FORT WORTH, Texas—“This is the most complicated production plan I’ve ever been involved in,” said Sean McManus, chairman of CBS Sports, during a conference call on the network’s return to live PGA Tour coverage with the Charles Schwab Challenge from June 11-14 at the Colonial Country Club in Fort Worth,Texas.
What’s on hand for the CBS Sports crew is a full-fledged PGA Tour event with a reduced crew on the course, more mobile trucks, multiple remote locations and a couple of new features to try and add to the broadcast in the absence of live fans, resulting in “a golf production unlike any other” that took two months of planning, per McManus. But that’s what is called for as sports leagues and broadcasters return from months-long hiatuses because of the coronavirus pandemic.
CBS is working with NBCUniversal’s Golf Channel on the broadcast, with the same production and announcing team handling all four days of the tournament. This will allow for half of the normal amount of people to be on-site than is typical for a PGA tour production. Despite the reduced number of crew people, there will actually be more mobile production trucks at the course so that proper social distancing practices can be maintained, with about nine people working in a single truck.
In addition to the coverage that CBS will be providing, the PGA Tour has announced that it will be collaborating with Twitter by using its PGA Tour Live feed to create a “Twitter Multicast” on Thursday, June 11, from 1-2:30 p.m. ET. There will be nine video streams of Featured Groups coverage with athletes, celebrities and other personalities providing commentary. The guest commentators will include Charles Davis, Annika Sorenstam, Darius Rucker and Dude Perfect. For more information, visit pgatour.com.
There is an additional wrinkle when it comes to the production crews during these first few weeks. The crew that is working this tournament will also work next week’s RBC Heritage in Hilton Head, S.C. After that, an entirely new crew will take over the production for the next two events on the schedule. In addition, backup crew members are available in the event that anyone on the crew does become ill.
Among the on-site team will be commentator Jim Nantz, who will call the action of the tournament alone in the broadcast tower on the 18th hole—a change of pace from the typical five to six usually in the booth, according to McManus. There will also be only two on-course reporters—Dottie Pepper and Mark Immelman. The rest of the broadcasting team will be working remotely in various locations, including Nantz’s partner Nick Faldo from the Golf Channel Studios in Orlando, Fla.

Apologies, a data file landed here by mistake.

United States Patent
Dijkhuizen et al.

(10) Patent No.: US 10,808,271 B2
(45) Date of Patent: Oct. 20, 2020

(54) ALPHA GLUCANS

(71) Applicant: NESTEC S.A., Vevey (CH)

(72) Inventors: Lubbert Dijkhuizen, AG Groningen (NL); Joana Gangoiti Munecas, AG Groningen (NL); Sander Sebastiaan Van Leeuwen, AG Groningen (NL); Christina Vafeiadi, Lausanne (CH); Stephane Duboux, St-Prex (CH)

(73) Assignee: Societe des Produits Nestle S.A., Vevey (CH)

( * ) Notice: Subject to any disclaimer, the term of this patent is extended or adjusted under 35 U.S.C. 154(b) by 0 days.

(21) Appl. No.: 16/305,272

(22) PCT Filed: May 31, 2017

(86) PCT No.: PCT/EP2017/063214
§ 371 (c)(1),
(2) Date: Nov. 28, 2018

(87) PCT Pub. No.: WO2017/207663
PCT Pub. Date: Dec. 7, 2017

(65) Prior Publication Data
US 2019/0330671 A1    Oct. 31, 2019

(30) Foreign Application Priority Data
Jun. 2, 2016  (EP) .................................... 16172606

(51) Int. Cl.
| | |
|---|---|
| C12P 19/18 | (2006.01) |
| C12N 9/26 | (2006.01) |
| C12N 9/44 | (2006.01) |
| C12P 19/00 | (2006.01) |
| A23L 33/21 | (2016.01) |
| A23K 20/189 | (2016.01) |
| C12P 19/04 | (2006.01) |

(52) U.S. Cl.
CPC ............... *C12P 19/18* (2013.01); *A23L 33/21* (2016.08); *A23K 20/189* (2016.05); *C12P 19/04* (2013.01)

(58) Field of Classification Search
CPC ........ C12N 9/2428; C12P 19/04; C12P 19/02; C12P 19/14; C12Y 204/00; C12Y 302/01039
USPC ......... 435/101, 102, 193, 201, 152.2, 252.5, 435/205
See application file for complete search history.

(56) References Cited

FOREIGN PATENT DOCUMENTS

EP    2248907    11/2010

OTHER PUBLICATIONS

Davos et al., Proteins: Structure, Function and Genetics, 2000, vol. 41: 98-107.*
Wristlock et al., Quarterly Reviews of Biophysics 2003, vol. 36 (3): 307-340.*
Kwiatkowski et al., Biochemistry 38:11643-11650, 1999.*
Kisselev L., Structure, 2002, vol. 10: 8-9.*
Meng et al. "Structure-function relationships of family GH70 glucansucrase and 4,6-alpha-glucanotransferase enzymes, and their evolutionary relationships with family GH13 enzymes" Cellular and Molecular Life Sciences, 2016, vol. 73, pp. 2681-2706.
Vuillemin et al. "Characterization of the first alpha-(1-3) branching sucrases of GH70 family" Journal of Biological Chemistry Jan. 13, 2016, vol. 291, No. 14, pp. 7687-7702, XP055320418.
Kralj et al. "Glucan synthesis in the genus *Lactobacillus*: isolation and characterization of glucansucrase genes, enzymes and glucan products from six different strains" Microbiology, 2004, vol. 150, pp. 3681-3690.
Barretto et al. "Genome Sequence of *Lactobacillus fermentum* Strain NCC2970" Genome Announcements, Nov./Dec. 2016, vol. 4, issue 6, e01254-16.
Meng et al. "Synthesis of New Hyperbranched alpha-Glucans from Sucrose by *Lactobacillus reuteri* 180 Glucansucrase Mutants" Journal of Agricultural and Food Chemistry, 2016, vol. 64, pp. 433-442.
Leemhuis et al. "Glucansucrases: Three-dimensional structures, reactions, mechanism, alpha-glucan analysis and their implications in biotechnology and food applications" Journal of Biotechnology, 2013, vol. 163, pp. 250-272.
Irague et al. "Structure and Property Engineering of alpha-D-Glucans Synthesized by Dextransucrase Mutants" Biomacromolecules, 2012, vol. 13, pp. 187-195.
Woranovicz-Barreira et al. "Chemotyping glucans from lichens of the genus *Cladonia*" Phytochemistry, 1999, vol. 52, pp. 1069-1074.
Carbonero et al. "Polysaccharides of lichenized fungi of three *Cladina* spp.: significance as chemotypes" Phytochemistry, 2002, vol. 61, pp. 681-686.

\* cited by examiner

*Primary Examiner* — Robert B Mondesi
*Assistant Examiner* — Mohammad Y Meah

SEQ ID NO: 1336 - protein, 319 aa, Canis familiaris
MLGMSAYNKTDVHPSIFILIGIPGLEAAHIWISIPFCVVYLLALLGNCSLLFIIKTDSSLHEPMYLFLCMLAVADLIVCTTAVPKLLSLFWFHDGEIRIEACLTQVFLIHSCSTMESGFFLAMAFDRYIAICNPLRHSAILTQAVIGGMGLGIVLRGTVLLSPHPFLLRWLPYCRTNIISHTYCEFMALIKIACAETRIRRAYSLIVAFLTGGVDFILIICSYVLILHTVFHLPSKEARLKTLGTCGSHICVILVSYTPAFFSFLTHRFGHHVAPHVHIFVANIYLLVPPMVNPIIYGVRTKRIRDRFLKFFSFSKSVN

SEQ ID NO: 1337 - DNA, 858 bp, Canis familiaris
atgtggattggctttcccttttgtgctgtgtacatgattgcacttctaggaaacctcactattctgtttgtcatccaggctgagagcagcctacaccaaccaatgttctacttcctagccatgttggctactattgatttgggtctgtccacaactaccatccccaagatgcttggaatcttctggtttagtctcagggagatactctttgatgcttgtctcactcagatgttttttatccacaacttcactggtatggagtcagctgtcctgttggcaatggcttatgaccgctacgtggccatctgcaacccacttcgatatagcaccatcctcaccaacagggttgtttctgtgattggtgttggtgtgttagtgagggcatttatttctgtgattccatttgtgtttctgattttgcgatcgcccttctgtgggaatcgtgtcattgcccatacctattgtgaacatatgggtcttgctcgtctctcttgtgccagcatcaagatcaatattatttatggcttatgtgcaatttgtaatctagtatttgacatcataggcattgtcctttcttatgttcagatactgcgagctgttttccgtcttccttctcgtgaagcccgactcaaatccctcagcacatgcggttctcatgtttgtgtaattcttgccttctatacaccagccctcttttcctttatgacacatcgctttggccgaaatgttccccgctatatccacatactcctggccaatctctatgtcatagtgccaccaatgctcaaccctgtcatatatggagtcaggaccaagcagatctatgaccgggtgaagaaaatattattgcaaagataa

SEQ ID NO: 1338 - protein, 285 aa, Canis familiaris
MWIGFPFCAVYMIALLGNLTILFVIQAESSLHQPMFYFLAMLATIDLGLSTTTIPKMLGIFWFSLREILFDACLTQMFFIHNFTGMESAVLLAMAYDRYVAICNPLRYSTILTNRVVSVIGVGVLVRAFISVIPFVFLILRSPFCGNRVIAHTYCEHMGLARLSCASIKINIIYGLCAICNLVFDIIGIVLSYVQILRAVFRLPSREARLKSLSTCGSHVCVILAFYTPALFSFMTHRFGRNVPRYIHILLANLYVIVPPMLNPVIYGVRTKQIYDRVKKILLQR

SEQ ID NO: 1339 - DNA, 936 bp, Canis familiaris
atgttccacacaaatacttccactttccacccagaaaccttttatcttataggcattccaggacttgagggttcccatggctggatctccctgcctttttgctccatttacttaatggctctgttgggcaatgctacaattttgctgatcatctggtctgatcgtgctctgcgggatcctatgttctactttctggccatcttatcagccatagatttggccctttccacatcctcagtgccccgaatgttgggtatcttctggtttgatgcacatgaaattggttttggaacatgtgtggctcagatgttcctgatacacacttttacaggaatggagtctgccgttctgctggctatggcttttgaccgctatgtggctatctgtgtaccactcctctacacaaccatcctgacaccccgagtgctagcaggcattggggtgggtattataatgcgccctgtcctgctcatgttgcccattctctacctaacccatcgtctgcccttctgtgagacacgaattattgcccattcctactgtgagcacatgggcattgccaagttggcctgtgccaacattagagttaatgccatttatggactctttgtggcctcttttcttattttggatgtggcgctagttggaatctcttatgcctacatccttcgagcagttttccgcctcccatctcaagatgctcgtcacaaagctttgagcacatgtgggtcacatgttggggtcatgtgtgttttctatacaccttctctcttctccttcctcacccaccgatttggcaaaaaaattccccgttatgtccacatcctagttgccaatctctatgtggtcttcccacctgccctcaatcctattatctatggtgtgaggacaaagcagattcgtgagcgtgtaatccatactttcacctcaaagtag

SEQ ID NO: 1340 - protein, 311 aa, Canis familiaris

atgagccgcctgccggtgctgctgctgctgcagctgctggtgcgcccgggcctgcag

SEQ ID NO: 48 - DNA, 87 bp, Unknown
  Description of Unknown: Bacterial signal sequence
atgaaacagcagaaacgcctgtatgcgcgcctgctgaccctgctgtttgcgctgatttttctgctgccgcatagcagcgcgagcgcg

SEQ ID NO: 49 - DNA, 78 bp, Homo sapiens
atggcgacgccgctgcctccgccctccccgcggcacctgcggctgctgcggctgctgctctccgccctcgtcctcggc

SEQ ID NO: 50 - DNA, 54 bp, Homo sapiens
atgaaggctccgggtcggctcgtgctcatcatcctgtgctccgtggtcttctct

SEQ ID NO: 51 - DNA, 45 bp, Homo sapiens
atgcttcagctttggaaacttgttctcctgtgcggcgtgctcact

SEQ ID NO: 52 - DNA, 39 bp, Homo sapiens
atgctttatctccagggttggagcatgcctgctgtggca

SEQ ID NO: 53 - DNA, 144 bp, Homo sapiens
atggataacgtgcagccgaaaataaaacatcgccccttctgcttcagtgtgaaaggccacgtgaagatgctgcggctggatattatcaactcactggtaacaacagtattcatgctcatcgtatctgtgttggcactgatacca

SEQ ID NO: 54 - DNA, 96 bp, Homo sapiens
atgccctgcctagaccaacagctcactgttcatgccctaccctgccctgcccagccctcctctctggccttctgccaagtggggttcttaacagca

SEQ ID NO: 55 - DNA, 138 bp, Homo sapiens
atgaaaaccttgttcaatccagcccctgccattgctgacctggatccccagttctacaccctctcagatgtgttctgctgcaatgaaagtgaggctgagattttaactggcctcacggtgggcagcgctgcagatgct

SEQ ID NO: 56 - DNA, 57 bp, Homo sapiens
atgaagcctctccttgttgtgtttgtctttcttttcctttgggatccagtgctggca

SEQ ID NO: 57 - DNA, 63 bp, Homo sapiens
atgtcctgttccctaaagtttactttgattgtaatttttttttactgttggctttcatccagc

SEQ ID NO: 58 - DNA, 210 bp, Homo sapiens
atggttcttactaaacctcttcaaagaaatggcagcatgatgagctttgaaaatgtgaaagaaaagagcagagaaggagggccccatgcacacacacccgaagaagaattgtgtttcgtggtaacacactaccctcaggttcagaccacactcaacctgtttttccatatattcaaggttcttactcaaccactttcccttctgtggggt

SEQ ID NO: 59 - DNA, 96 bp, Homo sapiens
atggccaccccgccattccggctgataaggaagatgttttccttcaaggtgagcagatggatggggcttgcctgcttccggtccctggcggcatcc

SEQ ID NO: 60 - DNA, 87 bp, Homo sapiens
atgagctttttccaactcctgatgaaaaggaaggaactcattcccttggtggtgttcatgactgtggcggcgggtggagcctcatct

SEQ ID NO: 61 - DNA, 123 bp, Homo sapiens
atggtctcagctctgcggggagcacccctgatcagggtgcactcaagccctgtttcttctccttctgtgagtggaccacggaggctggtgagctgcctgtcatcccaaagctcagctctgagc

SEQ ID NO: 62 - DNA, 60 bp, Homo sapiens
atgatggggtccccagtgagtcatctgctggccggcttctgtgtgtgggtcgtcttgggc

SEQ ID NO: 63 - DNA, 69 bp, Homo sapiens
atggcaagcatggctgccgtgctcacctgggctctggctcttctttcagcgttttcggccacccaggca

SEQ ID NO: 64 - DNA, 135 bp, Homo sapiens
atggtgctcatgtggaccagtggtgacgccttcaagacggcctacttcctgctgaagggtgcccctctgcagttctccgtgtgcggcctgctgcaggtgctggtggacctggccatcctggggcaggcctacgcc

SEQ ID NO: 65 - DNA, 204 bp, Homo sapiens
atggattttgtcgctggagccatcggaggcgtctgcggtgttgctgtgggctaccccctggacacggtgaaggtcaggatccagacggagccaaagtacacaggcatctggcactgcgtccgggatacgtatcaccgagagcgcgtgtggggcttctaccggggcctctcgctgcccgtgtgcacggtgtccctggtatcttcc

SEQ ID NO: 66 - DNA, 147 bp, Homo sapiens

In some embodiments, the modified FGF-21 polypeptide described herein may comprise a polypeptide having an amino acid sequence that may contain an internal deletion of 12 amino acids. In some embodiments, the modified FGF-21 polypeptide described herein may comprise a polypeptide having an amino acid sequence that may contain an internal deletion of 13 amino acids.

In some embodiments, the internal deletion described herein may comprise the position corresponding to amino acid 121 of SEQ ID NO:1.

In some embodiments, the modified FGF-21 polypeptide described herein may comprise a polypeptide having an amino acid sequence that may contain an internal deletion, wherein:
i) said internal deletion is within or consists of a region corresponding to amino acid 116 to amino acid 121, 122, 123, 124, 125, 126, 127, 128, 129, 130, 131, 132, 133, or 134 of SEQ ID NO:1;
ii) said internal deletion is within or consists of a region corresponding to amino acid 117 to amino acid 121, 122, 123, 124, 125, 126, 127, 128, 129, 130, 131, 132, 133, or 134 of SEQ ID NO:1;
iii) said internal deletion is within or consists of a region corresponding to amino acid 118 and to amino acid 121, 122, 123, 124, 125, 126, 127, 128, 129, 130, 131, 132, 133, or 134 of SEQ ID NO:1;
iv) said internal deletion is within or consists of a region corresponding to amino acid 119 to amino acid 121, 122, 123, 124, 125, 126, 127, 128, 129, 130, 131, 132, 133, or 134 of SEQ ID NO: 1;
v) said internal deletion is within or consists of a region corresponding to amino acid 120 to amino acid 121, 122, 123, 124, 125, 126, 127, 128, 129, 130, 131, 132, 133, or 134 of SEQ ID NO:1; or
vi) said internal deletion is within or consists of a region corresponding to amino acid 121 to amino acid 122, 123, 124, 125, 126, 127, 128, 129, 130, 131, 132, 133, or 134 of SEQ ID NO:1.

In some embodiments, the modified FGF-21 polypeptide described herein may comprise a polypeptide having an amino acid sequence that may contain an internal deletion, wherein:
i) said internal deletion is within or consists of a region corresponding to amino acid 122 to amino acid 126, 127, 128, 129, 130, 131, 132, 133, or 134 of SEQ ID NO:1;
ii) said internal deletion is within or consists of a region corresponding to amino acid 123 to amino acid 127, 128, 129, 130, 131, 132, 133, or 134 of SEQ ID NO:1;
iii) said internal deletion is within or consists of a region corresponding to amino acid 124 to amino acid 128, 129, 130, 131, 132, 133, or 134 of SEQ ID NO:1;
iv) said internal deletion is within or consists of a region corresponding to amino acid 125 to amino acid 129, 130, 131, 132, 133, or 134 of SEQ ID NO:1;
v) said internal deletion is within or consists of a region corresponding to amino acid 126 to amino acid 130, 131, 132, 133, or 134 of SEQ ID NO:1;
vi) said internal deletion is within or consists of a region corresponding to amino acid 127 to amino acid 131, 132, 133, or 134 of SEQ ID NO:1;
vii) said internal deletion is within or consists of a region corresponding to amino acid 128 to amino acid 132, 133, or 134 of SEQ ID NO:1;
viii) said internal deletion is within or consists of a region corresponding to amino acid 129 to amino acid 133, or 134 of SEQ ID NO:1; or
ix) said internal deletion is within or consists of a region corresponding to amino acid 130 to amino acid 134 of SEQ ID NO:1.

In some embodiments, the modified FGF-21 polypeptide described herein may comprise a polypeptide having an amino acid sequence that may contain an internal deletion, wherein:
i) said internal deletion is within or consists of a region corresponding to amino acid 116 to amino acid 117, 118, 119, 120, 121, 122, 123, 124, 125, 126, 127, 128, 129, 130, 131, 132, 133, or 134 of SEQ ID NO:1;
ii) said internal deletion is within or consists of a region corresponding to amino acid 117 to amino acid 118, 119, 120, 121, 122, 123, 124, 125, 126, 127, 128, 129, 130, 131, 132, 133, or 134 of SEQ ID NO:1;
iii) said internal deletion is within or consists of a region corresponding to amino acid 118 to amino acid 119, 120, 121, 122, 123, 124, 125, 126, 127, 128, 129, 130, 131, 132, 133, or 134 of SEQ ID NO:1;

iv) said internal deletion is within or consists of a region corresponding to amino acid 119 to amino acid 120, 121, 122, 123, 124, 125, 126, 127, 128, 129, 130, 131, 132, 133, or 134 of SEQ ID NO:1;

Other production elements for the broadcast, like scoring graphics, remote editing, video shading, multiple replay devices and more, will be done from additional remote locations that include Los Angeles, New York, Samford, Conn., and New Zealand.
Some production elements have not been drastically changed, McManus said. The production will feature 23 cameras, including 10 hard cameras, six mini RF cameras, as well as robotic cameras. Other recognizable features for a CBS golf broadcast will still be present, including the 3D Toptracer for following live tee shots and Toptracer RF for players’ second shots; ARL Virtual Eye meanwhile uses Toptracer ball tracing capabilities to use with 3D hole models. CBS’ SwingVision technology will also be available.
EXPANDING USE OF HAWKEYE
However, there are some new additions to the production. ARL Virtual Signage is augmented reality technology that can virtually place statistics, player information and sponsorship partnerships on the course with full trackable camera moves. The Hawkeye Replay Source, meanwhile, sees an operator control camera angles remotely for real-time replays. Hawkeye has been a feature on CBS digital platforms in the past, but will now be integrated into the linear broadcast for the first time.
In addition, CBS is pushing to have more players mic’d up during their rounds so they can share conversations between players and their caddies while on the course. There will also be a drone camera on-site that the production hopes to be able to use, weather permitting.
Something entirely new for the broadcast that both meets COVID-19 safety protocols and has eyes at being a new permanent element beyond the pandemic is the “Inside the Ropes” feature. This is a tented area that will be placed between the green of one hole and the tee box of another (as of publication the specific location for the Charles Schawb Challenge was not determined) with an unmanned camera and boom mic that players enter and give short answers to prompted questions that can then be woven into the broadcast.
The Charles Schwab Challenge is the first of 11 straight weeks of tournaments on the PGA Tour schedule. According to McManus, this production plan will be in place for the first four tournaments, with possible adjustments as the season progresses. McManus said he would not be surprised, however, if these were the plans for the rest of the year.
“Golf is the most difficult sport to produce to begin with,” McManus said. However, he continued, “we’re learning a lot of lessons, and some of the lessons that we’re learning will allow us to produce golf in a more efficient way.”
“The amount of detail that has gone into planning this, and having a backup plan to the backup plan, it has been extraordinary,” said Nantz on the conference call. “This crew’s ready for it. It’s as well planned out as anything I’ve been a part of.”
The Charles Schwab Challenge takes place from June 11-14 with Golf Channel airing coverage each day and CBS handling coverage on Saturday and Sunday afternoons.
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